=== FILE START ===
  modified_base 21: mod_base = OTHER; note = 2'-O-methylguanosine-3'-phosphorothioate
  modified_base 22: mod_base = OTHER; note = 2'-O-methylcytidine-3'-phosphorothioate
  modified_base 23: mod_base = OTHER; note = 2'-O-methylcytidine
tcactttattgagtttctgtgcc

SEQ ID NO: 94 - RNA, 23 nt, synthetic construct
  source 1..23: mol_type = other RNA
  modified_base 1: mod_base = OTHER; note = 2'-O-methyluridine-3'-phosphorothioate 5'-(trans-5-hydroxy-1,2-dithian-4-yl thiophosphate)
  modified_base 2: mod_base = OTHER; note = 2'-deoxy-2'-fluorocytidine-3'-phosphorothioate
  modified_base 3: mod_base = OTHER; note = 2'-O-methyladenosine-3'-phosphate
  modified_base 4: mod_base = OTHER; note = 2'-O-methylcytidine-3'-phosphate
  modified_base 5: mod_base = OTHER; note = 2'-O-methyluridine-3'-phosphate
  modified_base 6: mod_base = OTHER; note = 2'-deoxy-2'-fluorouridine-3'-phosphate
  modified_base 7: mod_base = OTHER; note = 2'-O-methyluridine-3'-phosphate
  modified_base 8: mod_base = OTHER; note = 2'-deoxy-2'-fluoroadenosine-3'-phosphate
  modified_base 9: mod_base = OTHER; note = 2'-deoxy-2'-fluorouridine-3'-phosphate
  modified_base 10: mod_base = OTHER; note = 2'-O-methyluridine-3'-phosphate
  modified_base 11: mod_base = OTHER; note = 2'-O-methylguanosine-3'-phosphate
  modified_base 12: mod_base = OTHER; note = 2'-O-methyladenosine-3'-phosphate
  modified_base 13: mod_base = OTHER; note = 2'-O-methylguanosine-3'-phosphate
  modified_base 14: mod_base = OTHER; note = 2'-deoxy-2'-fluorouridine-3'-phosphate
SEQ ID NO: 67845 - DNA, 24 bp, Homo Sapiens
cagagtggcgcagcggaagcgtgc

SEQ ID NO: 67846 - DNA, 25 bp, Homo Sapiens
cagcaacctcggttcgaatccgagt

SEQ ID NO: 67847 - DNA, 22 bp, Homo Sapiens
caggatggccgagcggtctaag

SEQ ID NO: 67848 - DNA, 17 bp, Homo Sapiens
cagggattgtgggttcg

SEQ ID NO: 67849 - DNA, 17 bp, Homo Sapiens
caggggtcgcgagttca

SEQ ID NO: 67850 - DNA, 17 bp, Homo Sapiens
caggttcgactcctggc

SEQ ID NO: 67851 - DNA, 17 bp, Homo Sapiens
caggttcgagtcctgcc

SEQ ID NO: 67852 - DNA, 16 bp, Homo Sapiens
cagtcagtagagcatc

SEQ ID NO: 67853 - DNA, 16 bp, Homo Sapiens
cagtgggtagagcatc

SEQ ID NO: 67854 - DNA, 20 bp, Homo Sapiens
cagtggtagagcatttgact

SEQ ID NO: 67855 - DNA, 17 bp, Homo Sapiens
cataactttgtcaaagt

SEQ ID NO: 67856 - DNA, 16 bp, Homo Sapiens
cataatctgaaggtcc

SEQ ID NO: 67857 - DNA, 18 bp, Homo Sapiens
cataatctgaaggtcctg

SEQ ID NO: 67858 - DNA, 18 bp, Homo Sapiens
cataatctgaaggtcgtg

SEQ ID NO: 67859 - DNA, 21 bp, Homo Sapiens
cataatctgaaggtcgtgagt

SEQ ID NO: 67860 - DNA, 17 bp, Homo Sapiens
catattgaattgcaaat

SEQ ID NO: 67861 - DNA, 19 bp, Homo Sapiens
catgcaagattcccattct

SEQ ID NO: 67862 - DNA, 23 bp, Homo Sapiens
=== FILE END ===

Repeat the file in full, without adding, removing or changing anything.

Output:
  modified_base 21: mod_base = OTHER; note = 2'-O-methylguanosine-3'-phosphorothioate
  modified_base 22: mod_base = OTHER; note = 2'-O-methylcytidine-3'-phosphorothioate
  modified_base 23: mod_base = OTHER; note = 2'-O-methylcytidine
tcactttattgagtttctgtgcc

SEQ ID NO: 94 - RNA, 23 nt, synthetic construct
  source 1..23: mol_type = other RNA
  modified_base 1: mod_base = OTHER; note = 2'-O-methyluridine-3'-phosphorothioate 5'-(trans-5-hydroxy-1,2-dithian-4-yl thiophosphate)
  modified_base 2: mod_base = OTHER; note = 2'-deoxy-2'-fluorocytidine-3'-phosphorothioate
  modified_base 3: mod_base = OTHER; note = 2'-O-methyladenosine-3'-phosphate
  modified_base 4: mod_base = OTHER; note = 2'-O-methylcytidine-3'-phosphate
  modified_base 5: mod_base = OTHER; note = 2'-O-methyluridine-3'-phosphate
  modified_base 6: mod_base = OTHER; note = 2'-deoxy-2'-fluorouridine-3'-phosphate
  modified_base 7: mod_base = OTHER; note = 2'-O-methyluridine-3'-phosphate
  modified_base 8: mod_base = OTHER; note = 2'-deoxy-2'-fluoroadenosine-3'-phosphate
  modified_base 9: mod_base = OTHER; note = 2'-deoxy-2'-fluorouridine-3'-phosphate
  modified_base 10: mod_base = OTHER; note = 2'-O-methyluridine-3'-phosphate
  modified_base 11: mod_base = OTHER; note = 2'-O-methylguanosine-3'-phosphate
  modified_base 12: mod_base = OTHER; note = 2'-O-methyladenosine-3'-phosphate
  modified_base 13: mod_base = OTHER; note = 2'-O-methylguanosine-3'-phosphate
  modified_base 14: mod_base = OTHER; note = 2'-deoxy-2'-fluorouridine-3'-phosphate
SEQ ID NO: 67845 - DNA, 24 bp, Homo Sapiens
cagagtggcgcagcggaagcgtgc

SEQ ID NO: 67846 - DNA, 25 bp, Homo Sapiens
cagcaacctcggttcgaatccgagt

SEQ ID NO: 67847 - DNA, 22 bp, Homo Sapiens
caggatggccgagcggtctaag

SEQ ID NO: 67848 - DNA, 17 bp, Homo Sapiens
cagggattgtgggttcg

SEQ ID NO: 67849 - DNA, 17 bp, Homo Sapiens
caggggtcgcgagttca

SEQ ID NO: 67850 - DNA, 17 bp, Homo Sapiens
caggttcgactcctggc

SEQ ID NO: 67851 - DNA, 17 bp, Homo Sapiens
caggttcgagtcctgcc

SEQ ID NO: 67852 - DNA, 16 bp, Homo Sapiens
cagtcagtagagcatc

SEQ ID NO: 67853 - DNA, 16 bp, Homo Sapiens
cagtgggtagagcatc

SEQ ID NO: 67854 - DNA, 20 bp, Homo Sapiens
cagtggtagagcatttgact

SEQ ID NO: 67855 - DNA, 17 bp, Homo Sapiens
cataactttgtcaaagt

SEQ ID NO: 67856 - DNA, 16 bp, Homo Sapiens
cataatctgaaggtcc

SEQ ID NO: 67857 - DNA, 18 bp, Homo Sapiens
cataatctgaaggtcctg

SEQ ID NO: 67858 - DNA, 18 bp, Homo Sapiens
cataatctgaaggtcgtg

SEQ ID NO: 67859 - DNA, 21 bp, Homo Sapiens
cataatctgaaggtcgtgagt

SEQ ID NO: 67860 - DNA, 17 bp, Homo Sapiens
catattgaattgcaaat

SEQ ID NO: 67861 - DNA, 19 bp, Homo Sapiens
catgcaagattcccattct

SEQ ID NO: 67862 - DNA, 23 bp, Homo Sapiens